Australia′s Westpac Bank agrees to €791 million fine for money laundering | News | DW | 24.09.2020
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Australia's Westpac Bank agrees to €791 million fine for money laundering

Westpac breached anti-money laundering and counter-terrorism laws on over 23 million occasions, say regulators. If a federal court approves the fine, it would be the largest civil penalty ever in Australia.

Australia's Westpac Bank agreed on Thursday to pay AU$1.3 billion (US$919 million, €791 million) for breaching money laundering laws, said the bank and the country's financial regulator Thursday.

The country's second-largest bank breached anti-money laundering and counter-terrorism laws on more than 23 million occasions, Australia's financial intelligence watchdog AUSTRAC said. The fine, if approved by a federal court, would be the largest civil penalty ever in the country — and one of the largest fines in Australian corporate history.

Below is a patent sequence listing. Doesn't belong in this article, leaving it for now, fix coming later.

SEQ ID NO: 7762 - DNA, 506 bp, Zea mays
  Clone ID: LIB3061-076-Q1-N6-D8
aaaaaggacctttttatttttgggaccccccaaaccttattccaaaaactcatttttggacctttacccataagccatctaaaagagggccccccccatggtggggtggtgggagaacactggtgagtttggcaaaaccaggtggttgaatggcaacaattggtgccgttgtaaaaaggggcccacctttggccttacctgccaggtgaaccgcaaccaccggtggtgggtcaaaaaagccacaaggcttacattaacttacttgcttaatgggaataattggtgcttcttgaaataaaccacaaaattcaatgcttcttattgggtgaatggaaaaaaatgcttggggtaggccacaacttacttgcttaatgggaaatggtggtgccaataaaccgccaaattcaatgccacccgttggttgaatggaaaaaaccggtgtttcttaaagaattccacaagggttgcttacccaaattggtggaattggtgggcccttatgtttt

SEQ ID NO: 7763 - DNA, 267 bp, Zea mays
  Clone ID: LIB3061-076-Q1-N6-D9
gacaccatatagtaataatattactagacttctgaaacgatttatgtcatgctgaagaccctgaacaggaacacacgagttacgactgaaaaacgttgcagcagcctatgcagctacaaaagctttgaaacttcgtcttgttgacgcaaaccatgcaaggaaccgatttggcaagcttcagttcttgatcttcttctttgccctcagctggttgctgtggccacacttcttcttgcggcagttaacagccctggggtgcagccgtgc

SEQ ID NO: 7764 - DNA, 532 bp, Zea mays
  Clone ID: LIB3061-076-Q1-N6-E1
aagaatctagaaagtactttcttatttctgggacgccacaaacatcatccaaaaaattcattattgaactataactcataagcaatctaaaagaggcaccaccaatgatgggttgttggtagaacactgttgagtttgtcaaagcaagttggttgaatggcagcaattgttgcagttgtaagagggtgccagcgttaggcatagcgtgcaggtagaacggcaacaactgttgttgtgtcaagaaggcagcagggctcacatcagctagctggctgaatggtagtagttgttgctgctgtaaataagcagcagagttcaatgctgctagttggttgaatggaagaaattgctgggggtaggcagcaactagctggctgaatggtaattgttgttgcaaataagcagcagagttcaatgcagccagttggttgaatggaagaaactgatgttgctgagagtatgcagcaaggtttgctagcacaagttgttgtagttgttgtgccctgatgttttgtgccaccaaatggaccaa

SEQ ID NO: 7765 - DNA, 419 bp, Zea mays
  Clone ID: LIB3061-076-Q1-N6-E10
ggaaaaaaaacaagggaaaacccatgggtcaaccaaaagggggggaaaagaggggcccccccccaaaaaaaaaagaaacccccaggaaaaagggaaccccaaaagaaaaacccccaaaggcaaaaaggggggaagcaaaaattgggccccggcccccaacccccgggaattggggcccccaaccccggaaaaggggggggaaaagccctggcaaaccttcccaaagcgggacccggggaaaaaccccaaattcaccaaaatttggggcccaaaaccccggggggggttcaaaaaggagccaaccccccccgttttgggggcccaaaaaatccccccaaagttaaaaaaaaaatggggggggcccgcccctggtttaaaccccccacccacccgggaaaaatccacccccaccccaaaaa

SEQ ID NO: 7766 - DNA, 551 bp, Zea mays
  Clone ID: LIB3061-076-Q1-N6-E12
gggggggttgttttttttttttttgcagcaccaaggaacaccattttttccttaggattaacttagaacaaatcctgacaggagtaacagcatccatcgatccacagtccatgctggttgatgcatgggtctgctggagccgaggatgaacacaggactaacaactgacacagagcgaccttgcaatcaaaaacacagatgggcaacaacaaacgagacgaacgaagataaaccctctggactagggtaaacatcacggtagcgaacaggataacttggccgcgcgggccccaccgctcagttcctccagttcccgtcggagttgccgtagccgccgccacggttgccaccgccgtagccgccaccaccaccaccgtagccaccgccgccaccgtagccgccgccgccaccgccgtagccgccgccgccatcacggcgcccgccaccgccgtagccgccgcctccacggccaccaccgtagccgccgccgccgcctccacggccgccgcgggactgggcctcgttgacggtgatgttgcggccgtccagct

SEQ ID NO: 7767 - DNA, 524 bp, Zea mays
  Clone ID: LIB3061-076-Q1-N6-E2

Westpac admitted it failed to report 19.5 million international money transfers valued at more than $7 billion between November 2013 and September 2018.

The penalty was agreed by both Westpac and AUSTRAC.

"I would like to apologize sincerely for the bank's failings," Westpac CEO Peter King said, adding that the bank has stepped up its financial crime monitoring capabilities. King said Westpac has also undergone a "reassessment of our culture, governance and accountability" in a bid to prevent further breaches. 

"We are determined to continually lift our financial crime standards, comply with our obligations and uphold our customer, community and regulatory expectations," he said in a statement.

Failure to report money transfers

"In reaching today's agreement, Westpac has admitted to contravening the AML/CTF Act on over 23 million occasions, exposing Australia's financial system to criminal exploitation," said the watchdog. 

Chief of AUSTRAC Nicole Rose said this would send a strong message to banks that Australia's financial system remained strong and could not be exploited by criminals. 

Attorney-General Christian Porter said the size of the proposed fine should serve as a wake-up call for the banking industry.

Previously, Commonwealth Bank of Australia paid AU$700 million ($495 million) for a similar but less extensive reporting failure. 

tg/stb (AFP, AP, dpa)

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